Online ISSN: 2515-8260

Author : Akhil, Y Naga

Clinicopathological Profile Of Significant Cervical Lymphadenopathy In Childern

Pramod Jog; Apurva Jonnalagadda; Sharad Agarkhedkar; Y Naga Akhil; Sindhuja Reddy

European Journal of Molecular & Clinical Medicine, 2022, Volume 9, Issue 8, Pages 1547-1559

Aim:  clinicopathological profile of significant cervical lymphadenopathy in children
Material and methods: This study was retrospective and descriptive. Data has been taken from the case files of all patients seen at the Dr. D. Y. Patil Medical College and Hospital, Pune(2021-2022). The age ranged from 1 month to 12 years.The Health Research and Ethics Committee of the Dr. D. Y. Patil Medical College and Hospital, Pune approved the study and waived the requirement for informed consent.
Results: 50 patients, 72% IP and 28% OP, presenting the symptoms associated with lymphadenopathy were included in this study out of which 62% were male and 38% were female. The median age of presentation was observed to be 6.9 years. Swelling in neck as one of the symptoms was present in majority of patients (90%). Fever (70%), cough (70%), loss of appetite (40%), and sore throat (36%) were the other major symptoms shown by the patients. More than one symptom was shown be 68% of the patients. Majority of cases had lymph node of size 1-2 cm (76%), firm consistency (84%) and mobile (66%). The mot common site of inflammation was anterior cervical (48%) followed by posterior cervical (34%). Tenderness of lymph node was absent in 79% of the cases. Associated findings included tonsillitis (24%), ear infection (16%), hepato/spleenomegaly (16), orodental infection (6%), skin lesion and rash (4% each). Blood counts evaluation showed neutrophilia in majority of cases (56%), followed by leucocytosis (52%), anaemia (32%), lymphocytosis (24%) and eosinophilia (8%). ESR was normal in 64% of the cases.  Throat culture resulted in 50% of cases showing normal commensals while as streptococcus and staphylococcus was found in 33% and 16% of cases respectively. Cytological examination revealed reactive lymphadenitis in 46% cases, tubercular lymphadenitis in 32% cases and Suppurative lymphadenitis in 12% cases. However, 4% cases yielded inadequate aspirate. Mantoux test was negative in 66% of the cases. A total of 23 patients were sent for X-ray, out of which 12 (24%) showed normal X-ray findings.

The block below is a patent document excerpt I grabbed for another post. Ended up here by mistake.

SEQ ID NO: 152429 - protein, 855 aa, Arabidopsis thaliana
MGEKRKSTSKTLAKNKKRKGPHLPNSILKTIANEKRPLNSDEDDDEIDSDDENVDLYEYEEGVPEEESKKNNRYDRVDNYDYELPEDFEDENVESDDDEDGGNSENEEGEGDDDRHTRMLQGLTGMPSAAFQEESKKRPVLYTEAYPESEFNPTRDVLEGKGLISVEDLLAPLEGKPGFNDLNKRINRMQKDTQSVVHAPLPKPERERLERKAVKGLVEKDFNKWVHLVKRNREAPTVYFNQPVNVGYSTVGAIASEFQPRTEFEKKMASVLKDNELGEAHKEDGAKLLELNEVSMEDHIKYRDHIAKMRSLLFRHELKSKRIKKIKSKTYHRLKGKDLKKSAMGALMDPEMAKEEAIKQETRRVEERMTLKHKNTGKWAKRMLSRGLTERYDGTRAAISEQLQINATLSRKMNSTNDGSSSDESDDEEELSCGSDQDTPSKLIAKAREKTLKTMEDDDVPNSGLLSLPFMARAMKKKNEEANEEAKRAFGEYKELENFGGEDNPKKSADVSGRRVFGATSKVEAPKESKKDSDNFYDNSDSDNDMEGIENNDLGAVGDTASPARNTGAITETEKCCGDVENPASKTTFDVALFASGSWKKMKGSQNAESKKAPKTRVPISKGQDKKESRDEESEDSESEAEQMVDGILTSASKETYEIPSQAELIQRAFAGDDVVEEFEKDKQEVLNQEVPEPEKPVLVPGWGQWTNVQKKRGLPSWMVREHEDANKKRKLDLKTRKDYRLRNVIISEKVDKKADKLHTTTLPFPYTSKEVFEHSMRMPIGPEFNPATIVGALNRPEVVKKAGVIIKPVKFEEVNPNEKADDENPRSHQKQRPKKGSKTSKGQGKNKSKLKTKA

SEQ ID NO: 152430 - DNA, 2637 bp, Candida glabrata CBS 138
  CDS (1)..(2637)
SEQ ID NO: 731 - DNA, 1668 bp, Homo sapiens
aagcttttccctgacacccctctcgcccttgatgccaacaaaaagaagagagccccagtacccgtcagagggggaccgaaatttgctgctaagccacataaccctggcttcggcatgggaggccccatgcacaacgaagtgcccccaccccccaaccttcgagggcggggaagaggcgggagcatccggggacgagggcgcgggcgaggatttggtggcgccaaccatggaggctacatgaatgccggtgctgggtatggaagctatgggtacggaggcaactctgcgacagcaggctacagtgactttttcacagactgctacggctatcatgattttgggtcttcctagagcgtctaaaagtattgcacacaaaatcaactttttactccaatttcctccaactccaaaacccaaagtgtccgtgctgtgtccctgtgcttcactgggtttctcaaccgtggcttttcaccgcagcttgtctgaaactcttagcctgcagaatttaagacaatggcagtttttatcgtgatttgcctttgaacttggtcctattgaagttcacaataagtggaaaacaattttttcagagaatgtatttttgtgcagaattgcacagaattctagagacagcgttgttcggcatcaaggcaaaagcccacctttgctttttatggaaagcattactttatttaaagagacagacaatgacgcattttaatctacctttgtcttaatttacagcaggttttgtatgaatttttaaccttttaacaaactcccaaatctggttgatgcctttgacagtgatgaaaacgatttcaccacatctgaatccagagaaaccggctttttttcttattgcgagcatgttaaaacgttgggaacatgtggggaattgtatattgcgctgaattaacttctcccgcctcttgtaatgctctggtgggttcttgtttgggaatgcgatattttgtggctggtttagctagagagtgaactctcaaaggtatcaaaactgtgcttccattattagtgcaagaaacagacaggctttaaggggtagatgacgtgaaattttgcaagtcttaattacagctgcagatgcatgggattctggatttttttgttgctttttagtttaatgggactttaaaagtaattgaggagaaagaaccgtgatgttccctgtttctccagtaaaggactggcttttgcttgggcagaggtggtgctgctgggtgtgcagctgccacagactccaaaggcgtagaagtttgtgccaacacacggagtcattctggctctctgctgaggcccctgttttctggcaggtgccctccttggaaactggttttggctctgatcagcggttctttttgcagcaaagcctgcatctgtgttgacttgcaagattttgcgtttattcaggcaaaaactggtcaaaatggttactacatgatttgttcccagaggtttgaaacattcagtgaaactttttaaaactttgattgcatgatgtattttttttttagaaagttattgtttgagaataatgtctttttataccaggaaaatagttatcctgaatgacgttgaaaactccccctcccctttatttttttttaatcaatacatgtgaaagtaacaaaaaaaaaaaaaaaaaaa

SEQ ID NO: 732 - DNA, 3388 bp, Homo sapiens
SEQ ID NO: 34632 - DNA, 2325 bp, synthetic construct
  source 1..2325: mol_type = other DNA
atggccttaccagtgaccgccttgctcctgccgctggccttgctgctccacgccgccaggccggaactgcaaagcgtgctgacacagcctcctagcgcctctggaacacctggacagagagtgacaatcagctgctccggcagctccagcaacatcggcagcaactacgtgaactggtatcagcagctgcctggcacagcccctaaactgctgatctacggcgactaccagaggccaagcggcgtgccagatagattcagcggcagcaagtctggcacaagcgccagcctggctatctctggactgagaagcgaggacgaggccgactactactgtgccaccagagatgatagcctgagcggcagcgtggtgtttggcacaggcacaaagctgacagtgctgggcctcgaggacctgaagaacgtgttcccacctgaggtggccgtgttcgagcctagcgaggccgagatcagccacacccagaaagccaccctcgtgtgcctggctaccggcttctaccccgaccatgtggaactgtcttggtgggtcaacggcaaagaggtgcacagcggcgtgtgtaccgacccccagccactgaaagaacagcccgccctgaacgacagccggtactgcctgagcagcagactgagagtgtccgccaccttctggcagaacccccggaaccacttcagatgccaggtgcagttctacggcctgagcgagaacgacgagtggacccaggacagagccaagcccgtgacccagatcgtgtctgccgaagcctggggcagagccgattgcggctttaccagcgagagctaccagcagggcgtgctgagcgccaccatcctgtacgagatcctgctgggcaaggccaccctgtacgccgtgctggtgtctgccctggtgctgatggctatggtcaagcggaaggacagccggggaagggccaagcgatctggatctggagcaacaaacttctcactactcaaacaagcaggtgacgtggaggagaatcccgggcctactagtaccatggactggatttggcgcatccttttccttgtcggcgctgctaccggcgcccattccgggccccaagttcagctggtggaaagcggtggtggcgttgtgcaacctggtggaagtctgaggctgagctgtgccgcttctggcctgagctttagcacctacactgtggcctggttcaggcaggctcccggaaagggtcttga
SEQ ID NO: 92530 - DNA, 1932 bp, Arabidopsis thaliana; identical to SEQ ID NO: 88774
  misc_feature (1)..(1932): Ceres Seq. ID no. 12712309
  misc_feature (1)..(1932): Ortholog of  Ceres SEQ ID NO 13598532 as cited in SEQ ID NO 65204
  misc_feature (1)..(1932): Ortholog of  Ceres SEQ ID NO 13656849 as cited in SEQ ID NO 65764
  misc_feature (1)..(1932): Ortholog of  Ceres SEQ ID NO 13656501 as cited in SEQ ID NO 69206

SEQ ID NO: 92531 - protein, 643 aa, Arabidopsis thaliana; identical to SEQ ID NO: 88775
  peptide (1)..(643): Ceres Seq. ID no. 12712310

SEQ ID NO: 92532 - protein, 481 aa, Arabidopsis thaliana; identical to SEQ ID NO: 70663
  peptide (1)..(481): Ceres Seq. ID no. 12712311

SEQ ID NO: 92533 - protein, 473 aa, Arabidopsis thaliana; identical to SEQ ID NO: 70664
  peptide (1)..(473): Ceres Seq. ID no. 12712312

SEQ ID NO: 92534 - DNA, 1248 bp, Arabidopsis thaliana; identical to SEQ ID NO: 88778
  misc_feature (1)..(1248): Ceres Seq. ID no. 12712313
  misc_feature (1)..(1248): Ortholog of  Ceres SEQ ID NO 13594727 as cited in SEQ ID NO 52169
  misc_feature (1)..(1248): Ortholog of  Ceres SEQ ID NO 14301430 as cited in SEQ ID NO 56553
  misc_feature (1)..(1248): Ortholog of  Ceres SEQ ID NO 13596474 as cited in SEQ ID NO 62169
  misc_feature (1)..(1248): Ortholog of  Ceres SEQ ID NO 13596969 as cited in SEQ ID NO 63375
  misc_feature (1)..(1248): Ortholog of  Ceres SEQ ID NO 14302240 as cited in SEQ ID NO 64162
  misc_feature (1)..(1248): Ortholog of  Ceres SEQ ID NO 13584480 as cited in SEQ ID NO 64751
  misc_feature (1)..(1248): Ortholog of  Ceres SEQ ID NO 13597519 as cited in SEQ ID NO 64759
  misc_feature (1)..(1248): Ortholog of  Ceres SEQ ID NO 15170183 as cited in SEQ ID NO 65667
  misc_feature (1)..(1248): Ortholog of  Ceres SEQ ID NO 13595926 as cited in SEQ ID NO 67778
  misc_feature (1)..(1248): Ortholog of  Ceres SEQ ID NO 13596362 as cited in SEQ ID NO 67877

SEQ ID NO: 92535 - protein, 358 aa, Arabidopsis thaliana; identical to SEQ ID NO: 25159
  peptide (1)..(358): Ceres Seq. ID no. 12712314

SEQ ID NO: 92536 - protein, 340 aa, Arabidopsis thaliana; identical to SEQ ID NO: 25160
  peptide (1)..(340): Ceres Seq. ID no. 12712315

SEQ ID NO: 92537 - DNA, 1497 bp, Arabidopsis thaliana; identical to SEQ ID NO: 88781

Conclusion: The above results present the repertoire of evaluations with respect to the detection of lymphadenopathy in children. This study also emphasises the importance of considering various strategies in proper and early detection to ensure timely management of lymphadenopathy.